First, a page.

The demands on the servodrive technology were therefore very high from the start. Numerous test series and benchmarks with various drive concepts from different manufacturers were carried out. Bosch Rexroth convinced Stanova with the functionality of its drive product range together with its expert knowledge and its wealth of application know-how. “Bosch Rexroth’s drive experts offered professional support on site and encouraged us to achieve our ambitious goal, namely a perfect punching result, on a step-by-step basis,” said Manuel Schulz, an automation technician at Stanova.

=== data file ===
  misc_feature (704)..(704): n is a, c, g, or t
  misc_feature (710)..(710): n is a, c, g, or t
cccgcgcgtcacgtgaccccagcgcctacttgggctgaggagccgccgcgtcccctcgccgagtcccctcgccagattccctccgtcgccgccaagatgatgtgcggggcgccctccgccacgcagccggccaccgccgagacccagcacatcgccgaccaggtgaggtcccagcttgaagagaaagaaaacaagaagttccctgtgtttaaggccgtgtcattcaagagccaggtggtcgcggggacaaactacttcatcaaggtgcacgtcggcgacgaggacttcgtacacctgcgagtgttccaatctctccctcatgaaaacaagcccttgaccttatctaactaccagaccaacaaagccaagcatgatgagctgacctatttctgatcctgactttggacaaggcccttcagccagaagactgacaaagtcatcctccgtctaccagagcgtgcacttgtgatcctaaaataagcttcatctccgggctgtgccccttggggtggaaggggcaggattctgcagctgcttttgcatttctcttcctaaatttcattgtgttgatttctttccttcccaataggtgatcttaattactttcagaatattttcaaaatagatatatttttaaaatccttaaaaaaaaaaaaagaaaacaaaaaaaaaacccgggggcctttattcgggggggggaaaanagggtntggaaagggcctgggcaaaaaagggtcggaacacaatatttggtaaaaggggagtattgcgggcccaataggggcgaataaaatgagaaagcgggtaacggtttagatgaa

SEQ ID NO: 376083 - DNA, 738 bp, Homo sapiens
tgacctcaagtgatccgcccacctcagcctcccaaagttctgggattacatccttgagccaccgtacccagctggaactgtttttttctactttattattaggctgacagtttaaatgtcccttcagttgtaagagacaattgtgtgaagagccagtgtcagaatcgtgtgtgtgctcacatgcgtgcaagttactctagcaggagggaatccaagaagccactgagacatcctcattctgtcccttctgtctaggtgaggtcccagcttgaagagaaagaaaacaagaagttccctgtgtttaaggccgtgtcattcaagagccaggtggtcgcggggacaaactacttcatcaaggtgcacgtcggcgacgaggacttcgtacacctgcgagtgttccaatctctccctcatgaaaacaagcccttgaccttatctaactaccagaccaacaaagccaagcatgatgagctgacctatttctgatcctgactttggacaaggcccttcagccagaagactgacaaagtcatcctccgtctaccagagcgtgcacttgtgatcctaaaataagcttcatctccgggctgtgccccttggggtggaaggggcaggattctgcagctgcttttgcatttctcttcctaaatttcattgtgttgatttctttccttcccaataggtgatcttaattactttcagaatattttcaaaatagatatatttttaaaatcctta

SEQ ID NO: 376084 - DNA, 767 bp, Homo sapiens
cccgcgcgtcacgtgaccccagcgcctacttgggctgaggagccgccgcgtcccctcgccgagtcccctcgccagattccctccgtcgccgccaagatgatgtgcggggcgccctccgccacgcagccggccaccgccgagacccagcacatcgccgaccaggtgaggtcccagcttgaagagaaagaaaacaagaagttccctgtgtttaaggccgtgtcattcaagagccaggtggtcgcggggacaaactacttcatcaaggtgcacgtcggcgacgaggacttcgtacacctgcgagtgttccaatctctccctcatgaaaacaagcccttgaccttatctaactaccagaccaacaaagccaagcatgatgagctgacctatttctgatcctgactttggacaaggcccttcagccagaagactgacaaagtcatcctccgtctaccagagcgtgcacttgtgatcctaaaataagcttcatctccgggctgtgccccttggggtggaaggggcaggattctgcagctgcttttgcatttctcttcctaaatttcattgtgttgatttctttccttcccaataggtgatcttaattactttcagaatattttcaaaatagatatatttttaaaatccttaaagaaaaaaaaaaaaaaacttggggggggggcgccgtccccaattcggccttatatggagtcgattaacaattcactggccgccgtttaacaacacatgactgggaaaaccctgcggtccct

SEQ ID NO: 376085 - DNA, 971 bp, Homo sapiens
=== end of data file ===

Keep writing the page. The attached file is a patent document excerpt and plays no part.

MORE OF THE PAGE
It was necessary not only to achieve 900 punching strokes at a speed of 1500 mm/s but also to handle the dynamic control requirements for the this multi-axis system. This was only possible by using the high level of functionality offered by the Rexroth drive controller in conjunction with Rexroth’s high-performance MS2N synchronous servo motors. Compared to the previous generation, these have a higher power density with a very low torque ripple. With an overload capacity of up to five times, acceleration processes in machines can be carried out even more dynamically. High short-time torques are therefore possible even at high speeds as the motors are specially designed for operation with field weakening. Without field weakening, the maximum possible speed is limited by the output voltage of the control device. For operation with field weakening, an additional current component is implanted into the stator. This weakens the magnetic flow and reduces the induced counter-voltage. As a result, the useful torque-speed range can be increased considerably. Higher maximum speeds can thus be reached at the same voltage.